Fulham 1, Wigan Athletic 1: Ray of hope for Fulham after Dempsey goal stops the rot

Caretaker Lewington minds the shop for Fayed and earns a valuable point
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As Fulham's fans made their way into the ground to see their managerless side take on one of the only two teams below them in the Premiership, they spotted a figure of Father Christmas near the entrance. 'Any chance of a win?' one supporter asked. 'I'll see what I can do,' Santa replied. Clearly he had some influence as the home side - now under the temporary charge of Ray Lewington - responded to the previous day's sacking of Lawrie Sanchez to end a run of three successive defeats against a side who performed their own mid-season managerial substitution earlier this month by replacing Chris Hutchings with Birmingham's Steve Bruce.

Lewington, who has been caretaker manager twice before at Craven Cottage, could feel proud of the spirit of his new charges' performance, even if their technical accomplishments were still fitful at best. But the former Fulham midfielder harbours no illusions about the likelihood of being offered the job full-time, even though he has been assured by club chairman Mohamed Al-Fayed - who watched this hectic affair from the stands alongside the FA chairman Brian Barwick - that his name would be in the frame.

While speculation grows about how coincidental was the decision of another former crowd favourite John Collins to resign as manager of Hibernian the day before Sanchez received his cards, Lewington is approaching things philosophically.

"It was reasonably late on Friday morning when I was told that Lawrie would be leaving, and the people concerned were still in the building,' Lewington said. 'I was called into the office and asked to be caretaker on the basis that there would be no promises, and I said I was happy to do it.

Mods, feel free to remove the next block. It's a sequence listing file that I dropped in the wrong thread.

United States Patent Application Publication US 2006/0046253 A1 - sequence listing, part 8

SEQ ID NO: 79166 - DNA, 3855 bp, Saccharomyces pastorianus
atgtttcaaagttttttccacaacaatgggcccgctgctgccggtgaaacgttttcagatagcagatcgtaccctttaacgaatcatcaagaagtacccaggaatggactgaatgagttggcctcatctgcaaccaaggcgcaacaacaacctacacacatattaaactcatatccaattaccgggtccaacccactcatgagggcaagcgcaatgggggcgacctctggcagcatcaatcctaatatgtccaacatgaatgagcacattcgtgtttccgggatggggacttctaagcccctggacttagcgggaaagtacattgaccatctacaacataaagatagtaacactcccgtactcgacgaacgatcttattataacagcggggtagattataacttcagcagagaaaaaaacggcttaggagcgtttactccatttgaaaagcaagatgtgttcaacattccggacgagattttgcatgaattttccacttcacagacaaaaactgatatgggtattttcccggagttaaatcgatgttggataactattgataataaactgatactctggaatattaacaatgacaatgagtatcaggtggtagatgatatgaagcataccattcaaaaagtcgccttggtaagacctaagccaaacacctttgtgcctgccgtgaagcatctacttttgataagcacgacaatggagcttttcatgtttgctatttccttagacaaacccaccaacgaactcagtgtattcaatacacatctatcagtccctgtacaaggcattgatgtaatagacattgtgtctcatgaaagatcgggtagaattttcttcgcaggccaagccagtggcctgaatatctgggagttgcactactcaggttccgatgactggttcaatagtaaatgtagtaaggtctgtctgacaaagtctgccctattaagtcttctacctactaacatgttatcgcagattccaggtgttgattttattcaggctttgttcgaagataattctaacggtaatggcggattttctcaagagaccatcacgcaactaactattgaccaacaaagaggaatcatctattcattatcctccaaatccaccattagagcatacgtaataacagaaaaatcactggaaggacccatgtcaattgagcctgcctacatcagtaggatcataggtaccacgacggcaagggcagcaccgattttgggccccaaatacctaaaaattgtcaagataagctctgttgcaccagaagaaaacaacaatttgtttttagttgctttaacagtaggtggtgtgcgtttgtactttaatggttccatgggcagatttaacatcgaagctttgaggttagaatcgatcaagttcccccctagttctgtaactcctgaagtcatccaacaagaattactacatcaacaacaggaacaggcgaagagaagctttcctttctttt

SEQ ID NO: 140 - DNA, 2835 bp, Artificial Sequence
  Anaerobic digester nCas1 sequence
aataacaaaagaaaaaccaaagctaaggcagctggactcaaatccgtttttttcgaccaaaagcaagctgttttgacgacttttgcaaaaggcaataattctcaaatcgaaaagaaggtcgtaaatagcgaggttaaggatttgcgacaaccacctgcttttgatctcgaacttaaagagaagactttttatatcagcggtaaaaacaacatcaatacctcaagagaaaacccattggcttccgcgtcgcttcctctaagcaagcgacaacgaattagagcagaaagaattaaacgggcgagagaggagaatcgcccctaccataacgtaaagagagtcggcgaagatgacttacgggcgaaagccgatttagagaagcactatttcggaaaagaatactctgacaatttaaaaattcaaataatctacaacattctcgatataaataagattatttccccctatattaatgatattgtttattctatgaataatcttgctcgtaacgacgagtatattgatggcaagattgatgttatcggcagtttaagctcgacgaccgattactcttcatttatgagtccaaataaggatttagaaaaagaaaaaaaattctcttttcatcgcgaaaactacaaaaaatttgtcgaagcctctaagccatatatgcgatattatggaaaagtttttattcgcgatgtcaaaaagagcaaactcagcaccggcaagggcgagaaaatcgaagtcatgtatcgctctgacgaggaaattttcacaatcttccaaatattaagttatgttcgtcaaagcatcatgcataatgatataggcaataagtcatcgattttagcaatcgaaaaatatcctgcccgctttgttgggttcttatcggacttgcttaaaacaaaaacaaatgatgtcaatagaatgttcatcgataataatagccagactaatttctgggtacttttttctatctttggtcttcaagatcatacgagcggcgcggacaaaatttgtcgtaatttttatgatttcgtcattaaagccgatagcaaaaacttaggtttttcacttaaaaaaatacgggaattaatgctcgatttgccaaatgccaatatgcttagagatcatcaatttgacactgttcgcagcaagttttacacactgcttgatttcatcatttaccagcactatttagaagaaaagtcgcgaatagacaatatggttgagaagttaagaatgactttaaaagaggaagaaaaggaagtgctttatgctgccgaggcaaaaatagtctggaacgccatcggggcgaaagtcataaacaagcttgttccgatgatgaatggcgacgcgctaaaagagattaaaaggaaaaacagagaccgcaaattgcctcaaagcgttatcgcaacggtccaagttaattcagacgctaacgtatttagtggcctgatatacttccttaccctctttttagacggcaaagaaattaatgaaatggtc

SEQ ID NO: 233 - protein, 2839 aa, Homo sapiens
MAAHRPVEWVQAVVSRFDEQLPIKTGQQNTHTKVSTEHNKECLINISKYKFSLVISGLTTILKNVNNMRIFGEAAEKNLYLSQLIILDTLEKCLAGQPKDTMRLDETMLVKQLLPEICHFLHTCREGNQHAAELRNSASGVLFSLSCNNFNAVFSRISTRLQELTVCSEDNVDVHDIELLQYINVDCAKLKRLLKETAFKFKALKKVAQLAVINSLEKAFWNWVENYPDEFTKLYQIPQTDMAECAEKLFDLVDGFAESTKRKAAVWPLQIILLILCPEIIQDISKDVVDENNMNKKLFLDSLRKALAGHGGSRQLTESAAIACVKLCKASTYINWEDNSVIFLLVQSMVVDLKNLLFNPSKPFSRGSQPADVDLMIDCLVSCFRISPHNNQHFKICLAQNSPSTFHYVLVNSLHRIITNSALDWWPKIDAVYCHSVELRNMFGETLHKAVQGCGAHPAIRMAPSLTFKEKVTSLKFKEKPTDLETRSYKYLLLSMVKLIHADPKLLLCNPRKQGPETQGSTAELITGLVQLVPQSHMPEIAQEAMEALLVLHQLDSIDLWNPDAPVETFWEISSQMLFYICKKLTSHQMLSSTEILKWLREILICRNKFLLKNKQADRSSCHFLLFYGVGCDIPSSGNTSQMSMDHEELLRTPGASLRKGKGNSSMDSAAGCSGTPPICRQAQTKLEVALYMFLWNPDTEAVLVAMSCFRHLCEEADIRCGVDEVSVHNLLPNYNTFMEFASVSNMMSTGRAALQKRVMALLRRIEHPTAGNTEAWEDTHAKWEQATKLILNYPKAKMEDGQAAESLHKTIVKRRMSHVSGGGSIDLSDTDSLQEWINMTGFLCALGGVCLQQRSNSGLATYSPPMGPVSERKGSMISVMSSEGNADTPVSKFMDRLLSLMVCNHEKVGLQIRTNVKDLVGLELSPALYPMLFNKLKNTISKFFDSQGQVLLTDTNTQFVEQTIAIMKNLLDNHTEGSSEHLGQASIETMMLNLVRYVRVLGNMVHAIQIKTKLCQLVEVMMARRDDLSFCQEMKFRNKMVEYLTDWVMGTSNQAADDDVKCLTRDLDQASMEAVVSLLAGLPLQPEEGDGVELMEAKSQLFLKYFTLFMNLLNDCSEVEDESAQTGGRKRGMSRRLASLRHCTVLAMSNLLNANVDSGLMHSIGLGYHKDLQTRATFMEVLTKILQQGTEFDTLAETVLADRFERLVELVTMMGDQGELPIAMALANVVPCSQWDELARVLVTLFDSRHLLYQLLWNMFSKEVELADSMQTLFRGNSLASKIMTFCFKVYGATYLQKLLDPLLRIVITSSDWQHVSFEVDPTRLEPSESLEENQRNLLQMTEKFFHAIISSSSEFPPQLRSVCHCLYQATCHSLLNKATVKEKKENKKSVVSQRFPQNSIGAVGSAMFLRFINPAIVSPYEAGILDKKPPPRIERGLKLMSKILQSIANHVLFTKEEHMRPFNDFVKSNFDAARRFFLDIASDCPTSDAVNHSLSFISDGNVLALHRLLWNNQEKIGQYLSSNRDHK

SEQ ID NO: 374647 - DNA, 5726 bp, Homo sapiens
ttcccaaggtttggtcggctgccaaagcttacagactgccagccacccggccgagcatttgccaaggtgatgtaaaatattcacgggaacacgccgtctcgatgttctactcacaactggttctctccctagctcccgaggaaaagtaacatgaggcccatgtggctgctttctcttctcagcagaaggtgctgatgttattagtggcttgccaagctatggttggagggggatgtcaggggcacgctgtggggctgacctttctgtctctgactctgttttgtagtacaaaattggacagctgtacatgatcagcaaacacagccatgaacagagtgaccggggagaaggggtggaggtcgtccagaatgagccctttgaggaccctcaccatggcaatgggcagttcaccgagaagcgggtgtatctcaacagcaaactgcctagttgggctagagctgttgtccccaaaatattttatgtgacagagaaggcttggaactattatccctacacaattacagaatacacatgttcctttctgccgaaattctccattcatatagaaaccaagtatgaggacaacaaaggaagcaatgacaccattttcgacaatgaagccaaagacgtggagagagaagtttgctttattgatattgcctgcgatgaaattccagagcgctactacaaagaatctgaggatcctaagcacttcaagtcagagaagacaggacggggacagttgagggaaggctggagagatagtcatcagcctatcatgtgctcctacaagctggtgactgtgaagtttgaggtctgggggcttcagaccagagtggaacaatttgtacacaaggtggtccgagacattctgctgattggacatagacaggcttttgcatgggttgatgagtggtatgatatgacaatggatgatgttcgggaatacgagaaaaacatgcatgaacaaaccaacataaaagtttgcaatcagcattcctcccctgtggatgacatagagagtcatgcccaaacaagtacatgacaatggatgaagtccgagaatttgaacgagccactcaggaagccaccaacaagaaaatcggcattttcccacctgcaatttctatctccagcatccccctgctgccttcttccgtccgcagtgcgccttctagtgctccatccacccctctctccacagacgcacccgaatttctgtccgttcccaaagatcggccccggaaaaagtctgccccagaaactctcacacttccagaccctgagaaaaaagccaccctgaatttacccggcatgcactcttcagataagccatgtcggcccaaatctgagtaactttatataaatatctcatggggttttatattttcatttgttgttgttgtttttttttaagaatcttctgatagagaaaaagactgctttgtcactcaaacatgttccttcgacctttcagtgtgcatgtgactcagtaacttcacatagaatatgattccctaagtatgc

"They said they were drawing up a list of people they wanted to have a look at and that my name would be on there. But I'm realistic to know there's a fair chance they will look outside the club for a replacement. I'm OK with that - they've got every right, especially the position we are in right now. They have to get it right.'

A point was less than Lewington had been looking for, but despite the home side's obvious commitment, it was about what they deserved as they needed an equaliser 13 minutes from time by Clint Dempsey after failing to turn a succession of chances into goals.

Wigan had taken the lead in the 69th minute after former Fulham midfielder Michael Brown hooked a home clearance from a corner back into the area. Titus Bramble got a back-header on it and Marcus Bent was allowed free to plunder a goal at the far post.

Al-Fayed, Lewington and many thousands of long-suffering home supporters may have been wondering at that moment why the home defence to have paid closer attention to the man who had scored a hat-trick in Wigan's 5-3 win over Blackburn the previous week.

Eight minutes later, however, the gathering gloom lightened as the hyperactive Dempsey drove home a low shot to equalise after Diomansy Kamara's cross from the left had found him free in the box.

Even then, Fulham might have lost everything had Antonio Valencia profited as he should have done from a clear run on the home goal two minutes from time that ended with him losing possession amid a flurry of defending limbs.

Bruce, who has now seen his side take five points in their last four games, held his head in his hands on the touchline. 'Valencia was commendable for staying on his feet, but it was a big, big chance for us,' he said. 'Still, three weeks ago we were without a hope of getting out of the bottom three. Now we do have hope, and we've got two home games coming up.'

Fulham, meanwhile, have the dubious prospect of a Boxing Day trip to Spurs. Not the ideal fixture for Lewington - but he is determindedly upbeat. 'The most important thing for us today was not to feel sorry for ourselves about what has happened, and I was very pleased with the way the players responded. In terms of spirit and effort we can't complain.'

Those qualities may not be enough for survival, however, which makes the impending January transfer window crucial. You have to doubt whether Lewington will be the man spending any money.